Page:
Other studies show that an overall higher intake of vitamin K is associated with decreased serum levels of the inflammatory marker CRP (C-reactive protein). Laboratory research suggests that high doses of vitamin K2 (100mg/kg/body weight daily) may inhibit arterial calcification and reduce coronary calcification, as well as lowering total cholesterol and decreasing lipid peroxidation.5

How Vitamin K2 Inhibits Arterial Calcification

Vitamin K has been shown to reduce arterial stiffness, and it does so in a complex metabolic process that begins in the liver. Through an activity called carboxylation, vitamin K activates proteins that have widespread effects throughout the body, including regulating blood clotting and the movement of calcium. The liver uses K1 to carboxylate clotting factors, while K2 is the preferred form to carboxylate other vitamin K-dependent proteins, including osteocalcin, which is essential for bone health, and matrix-Gla protein (MGP), which prevents calcification of blood vessels, organs, and other soft tissues. This includes moving osteocalcin into bones, and shuttling matrix Gla-protein (MGP) out of blood vessels.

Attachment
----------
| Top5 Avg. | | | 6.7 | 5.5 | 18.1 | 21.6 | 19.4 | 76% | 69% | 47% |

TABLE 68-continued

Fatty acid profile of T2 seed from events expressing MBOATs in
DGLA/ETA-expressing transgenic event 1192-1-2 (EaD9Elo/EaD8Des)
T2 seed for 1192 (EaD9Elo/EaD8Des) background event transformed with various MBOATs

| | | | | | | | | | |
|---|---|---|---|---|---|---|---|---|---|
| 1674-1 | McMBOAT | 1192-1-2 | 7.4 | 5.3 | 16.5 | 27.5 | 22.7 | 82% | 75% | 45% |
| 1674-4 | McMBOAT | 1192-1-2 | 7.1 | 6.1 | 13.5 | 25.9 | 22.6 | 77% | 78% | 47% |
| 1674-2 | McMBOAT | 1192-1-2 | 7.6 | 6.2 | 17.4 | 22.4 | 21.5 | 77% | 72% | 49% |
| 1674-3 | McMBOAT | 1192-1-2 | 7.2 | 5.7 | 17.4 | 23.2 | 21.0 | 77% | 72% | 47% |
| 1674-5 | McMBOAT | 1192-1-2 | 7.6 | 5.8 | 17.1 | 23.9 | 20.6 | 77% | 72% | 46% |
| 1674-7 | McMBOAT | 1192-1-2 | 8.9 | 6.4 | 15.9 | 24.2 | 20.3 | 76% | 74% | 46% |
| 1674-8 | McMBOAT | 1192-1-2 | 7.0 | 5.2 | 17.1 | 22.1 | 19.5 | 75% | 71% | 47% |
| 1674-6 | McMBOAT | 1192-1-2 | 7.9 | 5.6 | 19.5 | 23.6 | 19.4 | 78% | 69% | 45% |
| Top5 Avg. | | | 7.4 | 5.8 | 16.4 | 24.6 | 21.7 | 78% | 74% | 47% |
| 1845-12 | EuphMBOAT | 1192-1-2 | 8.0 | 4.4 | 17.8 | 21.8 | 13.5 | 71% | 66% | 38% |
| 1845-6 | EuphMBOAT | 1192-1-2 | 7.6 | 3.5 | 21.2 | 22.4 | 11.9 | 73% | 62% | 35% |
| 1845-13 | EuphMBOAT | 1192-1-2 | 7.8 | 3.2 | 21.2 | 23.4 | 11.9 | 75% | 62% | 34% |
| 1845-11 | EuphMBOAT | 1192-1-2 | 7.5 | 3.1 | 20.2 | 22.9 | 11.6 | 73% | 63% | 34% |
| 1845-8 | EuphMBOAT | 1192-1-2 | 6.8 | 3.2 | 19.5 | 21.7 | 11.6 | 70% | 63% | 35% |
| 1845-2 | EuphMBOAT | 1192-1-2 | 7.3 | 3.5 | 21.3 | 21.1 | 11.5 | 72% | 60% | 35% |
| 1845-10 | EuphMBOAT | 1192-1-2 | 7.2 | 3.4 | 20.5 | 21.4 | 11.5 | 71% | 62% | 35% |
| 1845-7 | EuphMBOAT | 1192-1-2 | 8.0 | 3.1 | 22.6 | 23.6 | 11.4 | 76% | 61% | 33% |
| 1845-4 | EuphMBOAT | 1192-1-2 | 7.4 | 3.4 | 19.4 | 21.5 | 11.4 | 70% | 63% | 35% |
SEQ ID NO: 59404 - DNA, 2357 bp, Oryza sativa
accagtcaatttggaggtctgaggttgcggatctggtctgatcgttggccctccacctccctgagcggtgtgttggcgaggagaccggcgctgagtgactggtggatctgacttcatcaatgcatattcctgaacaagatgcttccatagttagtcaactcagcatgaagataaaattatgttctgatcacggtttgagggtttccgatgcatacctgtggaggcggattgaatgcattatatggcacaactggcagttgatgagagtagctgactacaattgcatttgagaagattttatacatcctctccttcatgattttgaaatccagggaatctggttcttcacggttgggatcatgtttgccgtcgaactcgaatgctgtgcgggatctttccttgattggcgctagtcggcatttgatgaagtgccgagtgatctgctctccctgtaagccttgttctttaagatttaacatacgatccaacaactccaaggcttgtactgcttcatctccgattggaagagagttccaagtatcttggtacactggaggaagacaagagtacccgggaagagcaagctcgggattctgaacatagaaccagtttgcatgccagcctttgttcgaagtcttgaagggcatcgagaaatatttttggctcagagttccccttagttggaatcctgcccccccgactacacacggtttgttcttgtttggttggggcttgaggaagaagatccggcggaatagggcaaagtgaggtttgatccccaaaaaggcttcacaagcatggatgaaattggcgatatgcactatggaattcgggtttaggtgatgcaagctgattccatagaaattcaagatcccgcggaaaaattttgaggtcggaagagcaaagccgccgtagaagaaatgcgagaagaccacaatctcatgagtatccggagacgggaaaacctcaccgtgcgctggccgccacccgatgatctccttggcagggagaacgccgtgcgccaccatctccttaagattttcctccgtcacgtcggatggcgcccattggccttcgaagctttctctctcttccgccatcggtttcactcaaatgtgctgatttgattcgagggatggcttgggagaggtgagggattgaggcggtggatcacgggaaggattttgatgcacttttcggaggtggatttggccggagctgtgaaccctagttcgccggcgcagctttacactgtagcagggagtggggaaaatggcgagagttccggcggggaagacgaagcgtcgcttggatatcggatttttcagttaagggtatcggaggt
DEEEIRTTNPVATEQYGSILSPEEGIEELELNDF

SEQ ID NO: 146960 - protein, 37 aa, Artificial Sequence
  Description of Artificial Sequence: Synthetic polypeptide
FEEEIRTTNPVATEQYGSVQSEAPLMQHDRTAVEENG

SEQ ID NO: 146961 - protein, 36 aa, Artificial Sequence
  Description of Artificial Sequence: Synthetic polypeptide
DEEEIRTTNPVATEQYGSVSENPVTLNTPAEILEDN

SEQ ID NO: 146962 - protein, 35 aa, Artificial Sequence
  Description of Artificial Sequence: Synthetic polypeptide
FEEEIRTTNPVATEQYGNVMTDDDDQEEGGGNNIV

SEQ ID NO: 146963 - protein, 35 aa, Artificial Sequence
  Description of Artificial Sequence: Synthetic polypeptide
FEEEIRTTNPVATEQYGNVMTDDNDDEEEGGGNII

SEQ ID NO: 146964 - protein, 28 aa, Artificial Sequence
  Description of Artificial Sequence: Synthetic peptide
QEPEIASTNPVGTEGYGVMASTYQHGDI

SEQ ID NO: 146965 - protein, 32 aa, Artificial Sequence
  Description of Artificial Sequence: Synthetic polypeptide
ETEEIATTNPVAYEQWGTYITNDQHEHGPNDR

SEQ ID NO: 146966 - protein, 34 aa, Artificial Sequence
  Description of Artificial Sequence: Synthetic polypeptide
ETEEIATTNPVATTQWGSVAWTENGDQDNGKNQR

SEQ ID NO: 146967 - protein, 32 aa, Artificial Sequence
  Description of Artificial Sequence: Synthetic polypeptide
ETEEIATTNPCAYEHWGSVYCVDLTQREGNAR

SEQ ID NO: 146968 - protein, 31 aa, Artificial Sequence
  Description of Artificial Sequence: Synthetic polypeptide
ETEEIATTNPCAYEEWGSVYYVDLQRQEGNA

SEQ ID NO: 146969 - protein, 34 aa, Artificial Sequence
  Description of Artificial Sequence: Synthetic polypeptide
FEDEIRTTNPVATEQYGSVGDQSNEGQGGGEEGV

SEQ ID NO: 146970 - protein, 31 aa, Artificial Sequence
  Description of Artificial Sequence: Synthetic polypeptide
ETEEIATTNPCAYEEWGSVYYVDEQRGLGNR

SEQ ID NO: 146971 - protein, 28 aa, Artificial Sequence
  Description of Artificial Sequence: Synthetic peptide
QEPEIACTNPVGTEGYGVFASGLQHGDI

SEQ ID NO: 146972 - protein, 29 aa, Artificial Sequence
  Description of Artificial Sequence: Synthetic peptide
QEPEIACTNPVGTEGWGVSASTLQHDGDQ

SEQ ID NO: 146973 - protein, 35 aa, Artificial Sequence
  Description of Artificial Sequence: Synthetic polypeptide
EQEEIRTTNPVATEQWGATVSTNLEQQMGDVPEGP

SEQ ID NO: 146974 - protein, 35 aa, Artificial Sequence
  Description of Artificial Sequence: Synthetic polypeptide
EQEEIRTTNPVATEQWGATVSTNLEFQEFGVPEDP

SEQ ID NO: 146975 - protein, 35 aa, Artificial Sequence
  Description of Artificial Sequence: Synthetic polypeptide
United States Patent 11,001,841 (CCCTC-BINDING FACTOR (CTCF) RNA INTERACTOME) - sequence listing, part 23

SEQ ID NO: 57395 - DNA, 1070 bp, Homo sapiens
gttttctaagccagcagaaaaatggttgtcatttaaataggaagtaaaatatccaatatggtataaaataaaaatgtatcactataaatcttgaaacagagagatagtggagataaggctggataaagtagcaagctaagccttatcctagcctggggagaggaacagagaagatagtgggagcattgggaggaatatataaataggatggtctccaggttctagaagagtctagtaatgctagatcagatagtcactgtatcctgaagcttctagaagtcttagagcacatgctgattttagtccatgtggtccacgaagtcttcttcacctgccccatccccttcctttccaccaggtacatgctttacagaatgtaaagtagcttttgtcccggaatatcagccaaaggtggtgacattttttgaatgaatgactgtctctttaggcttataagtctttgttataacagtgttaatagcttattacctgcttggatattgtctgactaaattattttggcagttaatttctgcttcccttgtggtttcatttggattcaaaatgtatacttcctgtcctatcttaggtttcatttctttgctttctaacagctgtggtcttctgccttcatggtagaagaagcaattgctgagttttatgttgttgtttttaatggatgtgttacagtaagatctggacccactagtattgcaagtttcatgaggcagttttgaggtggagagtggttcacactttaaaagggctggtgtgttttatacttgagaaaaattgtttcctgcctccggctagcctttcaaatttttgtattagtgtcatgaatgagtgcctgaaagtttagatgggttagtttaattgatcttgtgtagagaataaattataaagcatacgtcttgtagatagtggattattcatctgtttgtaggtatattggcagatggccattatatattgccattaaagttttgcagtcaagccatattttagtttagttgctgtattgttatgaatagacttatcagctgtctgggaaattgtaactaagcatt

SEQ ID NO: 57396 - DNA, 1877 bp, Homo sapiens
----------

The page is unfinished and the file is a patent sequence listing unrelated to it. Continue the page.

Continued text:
It is generally accepted that MGP is a potent inhibitor of arterial calcification, and MGP is dependent upon sufficient levels of vitamin K2. Obviously, maintaining an optimal vitamin K intake is essential to keep the risk and rate of calcification as low as possible. In a study published in the American Journal of Hypertension, researchers looked at data from 66 diabetics (type 2) and found that levels of inactive MGP (matrix GLA­protein) correlated with artery stiffness.6